AI isn't static, you know. Playing a game of Galactic Civilizations 2 can be just as dynamic as a game against a human opponent due to the fantastic AI, and you never know what's going to happen or how things are going to end.

You seem to be trying to say that the only real challenge in games is in multiplayer. I call that faulty logic.
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Harkonis
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« Reply #10 on: November 02, 2009, 10:49:53 AM »

For me the only FUN challenge in games is the multiplayer.  I get no satisfaction at all in beating games against AI regardless of how hard they are.  Most games just cheat to make the AI harder at any rate.

This isn't something that you're likely to understand though.  Generally people who prefer SP games will always be that way and people who prefer MP games will be that way as well.  It's really hard to convey the feeling, since the words don't do it.

Most AI IS static btw, and easily predictable and baited, moreso than your average online opponent.  GC2 diplomacy in SP was abusable as an example.
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Razgon
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« Reply #11 on: November 02, 2009, 10:54:40 AM »

Quote from: TiLT on November 02, 2009, 10:37:29 AM

Quote from: Razgon on November 02, 2009, 10:31:14 AM

because once you figure out the underlying mechanics, you'll be able to wine every time.

That doesn't match my experiences. Getting to a point where you can win every time in a singleplayer game is nearly impossible for most people. Can you win every time on the highest difficulty level in Civ4? I can't, despite knowing the underlying mechanics. Neither can I win every fight in Uncharted 2 on my first try, despite having won it on Crushing.

AI isn't static, you know. Playing a game of Galactic Civilizations 2 can be just as dynamic as a game against a human opponent due to the fantastic AI, and you never know what's going to happen or how things are going to end.

You seem to be trying to say that the only real challenge in games is in multiplayer. I call that faulty logic.

no no, thats not what I'm trying to say - sorry, I may be a bit unclear due to fuzzy head right now :-D

Basically, any AI is hardwired in its responses, so you are theoretically able to predict how it will play. Thats how it gets "easy" to win in SP games - whereas in MP games the human element adds a large percentage of unknown. but then again, I do still believe its the comptetitive element that makes all the difference- and while its nice to see your name on a SP highscore list - its a whole lot more fun to do so when the 18 people below your name is other human beings :-)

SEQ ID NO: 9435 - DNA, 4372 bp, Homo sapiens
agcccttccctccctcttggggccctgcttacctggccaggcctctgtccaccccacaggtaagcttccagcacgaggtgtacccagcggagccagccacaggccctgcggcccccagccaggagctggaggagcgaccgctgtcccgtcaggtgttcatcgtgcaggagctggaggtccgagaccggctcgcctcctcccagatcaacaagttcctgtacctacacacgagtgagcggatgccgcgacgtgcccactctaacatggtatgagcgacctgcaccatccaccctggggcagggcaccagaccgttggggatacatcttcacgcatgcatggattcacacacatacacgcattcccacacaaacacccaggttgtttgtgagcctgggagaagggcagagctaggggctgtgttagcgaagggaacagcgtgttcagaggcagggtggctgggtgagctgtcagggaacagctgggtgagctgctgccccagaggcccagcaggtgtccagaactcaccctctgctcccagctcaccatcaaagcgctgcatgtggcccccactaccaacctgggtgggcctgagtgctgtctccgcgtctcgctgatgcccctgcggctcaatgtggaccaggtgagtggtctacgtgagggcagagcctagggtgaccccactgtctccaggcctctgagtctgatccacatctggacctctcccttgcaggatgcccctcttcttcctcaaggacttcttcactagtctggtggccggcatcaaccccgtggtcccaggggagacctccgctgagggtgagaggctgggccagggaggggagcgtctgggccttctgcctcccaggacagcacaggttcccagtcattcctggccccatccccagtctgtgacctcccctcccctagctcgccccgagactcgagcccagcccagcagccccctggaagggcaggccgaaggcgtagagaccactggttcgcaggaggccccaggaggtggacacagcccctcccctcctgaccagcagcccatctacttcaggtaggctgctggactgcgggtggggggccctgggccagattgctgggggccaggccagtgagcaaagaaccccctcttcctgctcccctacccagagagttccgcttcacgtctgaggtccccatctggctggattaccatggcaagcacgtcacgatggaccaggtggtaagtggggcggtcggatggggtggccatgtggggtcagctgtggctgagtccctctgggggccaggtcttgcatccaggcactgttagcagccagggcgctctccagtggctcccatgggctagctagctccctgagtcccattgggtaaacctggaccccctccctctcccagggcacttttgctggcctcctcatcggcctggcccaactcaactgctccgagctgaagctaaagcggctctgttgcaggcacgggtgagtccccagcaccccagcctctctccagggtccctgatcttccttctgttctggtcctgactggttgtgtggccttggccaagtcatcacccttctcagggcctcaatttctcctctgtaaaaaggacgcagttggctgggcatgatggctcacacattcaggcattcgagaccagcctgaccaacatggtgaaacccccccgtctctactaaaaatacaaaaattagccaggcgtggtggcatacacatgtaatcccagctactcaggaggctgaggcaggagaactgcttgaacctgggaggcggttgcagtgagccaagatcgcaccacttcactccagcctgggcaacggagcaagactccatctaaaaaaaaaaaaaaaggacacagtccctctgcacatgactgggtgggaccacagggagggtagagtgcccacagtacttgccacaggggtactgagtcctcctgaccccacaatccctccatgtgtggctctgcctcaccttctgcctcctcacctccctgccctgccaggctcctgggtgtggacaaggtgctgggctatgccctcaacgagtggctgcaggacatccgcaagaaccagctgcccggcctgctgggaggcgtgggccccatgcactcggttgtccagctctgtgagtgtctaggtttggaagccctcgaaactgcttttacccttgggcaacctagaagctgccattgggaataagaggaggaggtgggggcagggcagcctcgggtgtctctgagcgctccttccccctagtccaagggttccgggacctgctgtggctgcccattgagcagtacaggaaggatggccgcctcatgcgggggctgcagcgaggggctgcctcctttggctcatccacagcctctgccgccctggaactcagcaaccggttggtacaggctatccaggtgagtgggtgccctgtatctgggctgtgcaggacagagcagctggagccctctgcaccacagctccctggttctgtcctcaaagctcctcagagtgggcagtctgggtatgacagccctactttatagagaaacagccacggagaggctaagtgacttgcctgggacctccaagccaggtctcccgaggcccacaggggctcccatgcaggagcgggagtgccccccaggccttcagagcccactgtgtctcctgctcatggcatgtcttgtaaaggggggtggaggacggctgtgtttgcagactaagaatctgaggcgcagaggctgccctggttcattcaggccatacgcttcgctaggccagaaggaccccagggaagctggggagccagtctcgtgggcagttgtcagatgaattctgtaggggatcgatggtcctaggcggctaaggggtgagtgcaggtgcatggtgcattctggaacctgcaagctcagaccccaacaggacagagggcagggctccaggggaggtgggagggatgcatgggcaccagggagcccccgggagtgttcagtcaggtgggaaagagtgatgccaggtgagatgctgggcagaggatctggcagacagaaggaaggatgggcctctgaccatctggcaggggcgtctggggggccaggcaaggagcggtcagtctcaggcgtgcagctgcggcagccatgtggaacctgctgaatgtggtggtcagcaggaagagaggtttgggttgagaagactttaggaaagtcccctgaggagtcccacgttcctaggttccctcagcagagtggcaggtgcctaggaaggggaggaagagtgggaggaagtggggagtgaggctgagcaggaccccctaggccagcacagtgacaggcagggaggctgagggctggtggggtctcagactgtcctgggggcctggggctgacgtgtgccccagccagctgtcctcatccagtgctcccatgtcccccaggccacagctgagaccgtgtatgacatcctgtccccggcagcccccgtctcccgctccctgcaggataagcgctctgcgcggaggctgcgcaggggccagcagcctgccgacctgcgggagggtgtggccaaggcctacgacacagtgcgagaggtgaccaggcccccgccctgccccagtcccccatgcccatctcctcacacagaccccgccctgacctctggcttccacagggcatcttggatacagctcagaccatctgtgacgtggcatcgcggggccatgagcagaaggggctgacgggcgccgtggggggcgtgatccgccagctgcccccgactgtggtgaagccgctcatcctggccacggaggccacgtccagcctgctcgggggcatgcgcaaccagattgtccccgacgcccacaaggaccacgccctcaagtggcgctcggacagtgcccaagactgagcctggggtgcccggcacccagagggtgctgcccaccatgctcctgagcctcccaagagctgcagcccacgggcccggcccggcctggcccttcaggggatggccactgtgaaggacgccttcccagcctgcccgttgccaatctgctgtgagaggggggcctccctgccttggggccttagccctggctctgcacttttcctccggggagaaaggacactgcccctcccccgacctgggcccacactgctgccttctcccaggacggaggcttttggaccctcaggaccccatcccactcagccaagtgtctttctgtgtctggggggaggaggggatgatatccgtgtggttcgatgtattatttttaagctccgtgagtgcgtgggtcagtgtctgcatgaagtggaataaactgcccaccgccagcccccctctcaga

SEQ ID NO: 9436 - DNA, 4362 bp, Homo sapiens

Oh,and I love SP Games, dont get me wrong-  they are just very different animals from MP games as I see it
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Gratch
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« Reply #12 on: November 02, 2009, 05:03:13 PM »

For me, there simply is zero appeal to multiplayer, for a few reasons:

1.  I have no desire to spend the time and effort to get good enough at any MP focused game to actually become competitive.  The 12-year-old who spends 9 hours a day with the game is going to wipe me off the map no matter what, and there seems to be a lot more of those types than shmucks like me who are just giving it the occasional run.   If you don't play a lot of MP games (either FPS or MMO's), the learning curve is incredibly daunting to say the least.
2.  My gaming time is so limited and sporadic that it's impossible to get together with folks I (virtually) know to play.
3.  I have no real friends IRL that are gamers.  I'm not a terribly social person to begin with, so playing with complete strangers holds very little appeal to me.
4.  I tend to like games that skew towards being easier rather than harder, and am generally far more interested in immersing myself in storytelling, atmosphere, environment, characters, etc. than racking up bodycounts.  I like taking my time and progressing at my own pace.  Not many MP games that fit that bill.
5.  Frankly, most of the MP experiences I've had have been pretty negative ones.   Being anonymous seems to bring out the very worst in people, and listening to the ridiculous sexist, racist, and rude nonsense being spouted non-stop by most players turned me off in a hurry.

I know I'm probably in the minority, but if I never played a game with or against another actual person in my life, I'd be perfectly OK with it.